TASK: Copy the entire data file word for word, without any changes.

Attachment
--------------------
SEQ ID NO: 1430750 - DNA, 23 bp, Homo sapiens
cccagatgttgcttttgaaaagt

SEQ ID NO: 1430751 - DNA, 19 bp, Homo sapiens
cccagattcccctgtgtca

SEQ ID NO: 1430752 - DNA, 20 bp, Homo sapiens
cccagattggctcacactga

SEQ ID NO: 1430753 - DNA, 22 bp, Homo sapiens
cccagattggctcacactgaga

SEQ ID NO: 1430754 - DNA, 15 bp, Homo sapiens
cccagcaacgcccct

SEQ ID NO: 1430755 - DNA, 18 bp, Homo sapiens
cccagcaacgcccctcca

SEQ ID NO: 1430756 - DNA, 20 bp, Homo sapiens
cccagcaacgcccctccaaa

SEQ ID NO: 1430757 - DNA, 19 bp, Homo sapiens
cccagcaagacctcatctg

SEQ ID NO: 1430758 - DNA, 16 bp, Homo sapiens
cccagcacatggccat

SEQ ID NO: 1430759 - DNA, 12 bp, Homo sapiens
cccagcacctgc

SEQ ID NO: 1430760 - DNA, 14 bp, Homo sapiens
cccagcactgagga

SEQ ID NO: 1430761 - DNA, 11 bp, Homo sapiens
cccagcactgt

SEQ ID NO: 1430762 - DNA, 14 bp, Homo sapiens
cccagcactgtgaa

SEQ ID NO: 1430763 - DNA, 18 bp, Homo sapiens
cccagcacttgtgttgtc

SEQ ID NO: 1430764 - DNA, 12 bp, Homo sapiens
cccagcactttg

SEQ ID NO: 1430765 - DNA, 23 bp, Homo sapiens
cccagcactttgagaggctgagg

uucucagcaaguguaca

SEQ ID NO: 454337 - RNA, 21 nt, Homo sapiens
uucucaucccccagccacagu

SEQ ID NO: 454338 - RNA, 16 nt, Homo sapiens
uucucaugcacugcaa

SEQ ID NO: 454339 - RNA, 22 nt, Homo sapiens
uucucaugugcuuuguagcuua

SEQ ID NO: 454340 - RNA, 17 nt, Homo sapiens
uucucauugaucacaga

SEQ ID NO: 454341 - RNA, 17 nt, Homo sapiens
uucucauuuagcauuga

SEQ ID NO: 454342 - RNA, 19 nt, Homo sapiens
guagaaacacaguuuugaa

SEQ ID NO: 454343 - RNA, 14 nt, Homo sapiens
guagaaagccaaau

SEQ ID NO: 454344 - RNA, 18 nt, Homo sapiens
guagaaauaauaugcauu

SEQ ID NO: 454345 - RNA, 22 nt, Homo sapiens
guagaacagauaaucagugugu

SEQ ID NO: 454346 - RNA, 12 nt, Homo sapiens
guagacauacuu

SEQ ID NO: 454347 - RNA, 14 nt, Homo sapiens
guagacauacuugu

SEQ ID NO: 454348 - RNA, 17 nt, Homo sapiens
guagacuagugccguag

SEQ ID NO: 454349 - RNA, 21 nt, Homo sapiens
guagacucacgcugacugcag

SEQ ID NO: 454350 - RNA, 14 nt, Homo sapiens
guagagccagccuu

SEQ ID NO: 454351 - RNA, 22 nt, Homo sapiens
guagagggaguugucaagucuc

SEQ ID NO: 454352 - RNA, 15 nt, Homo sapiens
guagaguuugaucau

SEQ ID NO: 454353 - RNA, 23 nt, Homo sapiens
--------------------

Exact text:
SEQ ID NO: 1430750 - DNA, 23 bp, Homo sapiens
cccagatgttgcttttgaaaagt

SEQ ID NO: 1430751 - DNA, 19 bp, Homo sapiens
cccagattcccctgtgtca

SEQ ID NO: 1430752 - DNA, 20 bp, Homo sapiens
cccagattggctcacactga

SEQ ID NO: 1430753 - DNA, 22 bp, Homo sapiens
cccagattggctcacactgaga

SEQ ID NO: 1430754 - DNA, 15 bp, Homo sapiens
cccagcaacgcccct

SEQ ID NO: 1430755 - DNA, 18 bp, Homo sapiens
cccagcaacgcccctcca

SEQ ID NO: 1430756 - DNA, 20 bp, Homo sapiens
cccagcaacgcccctccaaa

SEQ ID NO: 1430757 - DNA, 19 bp, Homo sapiens
cccagcaagacctcatctg

SEQ ID NO: 1430758 - DNA, 16 bp, Homo sapiens
cccagcacatggccat

SEQ ID NO: 1430759 - DNA, 12 bp, Homo sapiens
cccagcacctgc

SEQ ID NO: 1430760 - DNA, 14 bp, Homo sapiens
cccagcactgagga

SEQ ID NO: 1430761 - DNA, 11 bp, Homo sapiens
cccagcactgt

SEQ ID NO: 1430762 - DNA, 14 bp, Homo sapiens
cccagcactgtgaa

SEQ ID NO: 1430763 - DNA, 18 bp, Homo sapiens
cccagcacttgtgttgtc

SEQ ID NO: 1430764 - DNA, 12 bp, Homo sapiens
cccagcactttg

SEQ ID NO: 1430765 - DNA, 23 bp, Homo sapiens
cccagcactttgagaggctgagg

uucucagcaaguguaca

SEQ ID NO: 454337 - RNA, 21 nt, Homo sapiens
uucucaucccccagccacagu

SEQ ID NO: 454338 - RNA, 16 nt, Homo sapiens
uucucaugcacugcaa

SEQ ID NO: 454339 - RNA, 22 nt, Homo sapiens
uucucaugugcuuuguagcuua

SEQ ID NO: 454340 - RNA, 17 nt, Homo sapiens
uucucauugaucacaga

SEQ ID NO: 454341 - RNA, 17 nt, Homo sapiens
uucucauuuagcauuga

SEQ ID NO: 454342 - RNA, 19 nt, Homo sapiens
guagaaacacaguuuugaa

SEQ ID NO: 454343 - RNA, 14 nt, Homo sapiens
guagaaagccaaau

SEQ ID NO: 454344 - RNA, 18 nt, Homo sapiens
guagaaauaauaugcauu

SEQ ID NO: 454345 - RNA, 22 nt, Homo sapiens
guagaacagauaaucagugugu

SEQ ID NO: 454346 - RNA, 12 nt, Homo sapiens
guagacauacuu

SEQ ID NO: 454347 - RNA, 14 nt, Homo sapiens
guagacauacuugu

SEQ ID NO: 454348 - RNA, 17 nt, Homo sapiens
guagacuagugccguag

SEQ ID NO: 454349 - RNA, 21 nt, Homo sapiens
guagacucacgcugacugcag

SEQ ID NO: 454350 - RNA, 14 nt, Homo sapiens
guagagccagccuu

SEQ ID NO: 454351 - RNA, 22 nt, Homo sapiens
guagagggaguugucaagucuc

SEQ ID NO: 454352 - RNA, 15 nt, Homo sapiens
guagaguuugaucau

SEQ ID NO: 454353 - RNA, 23 nt, Homo sapiens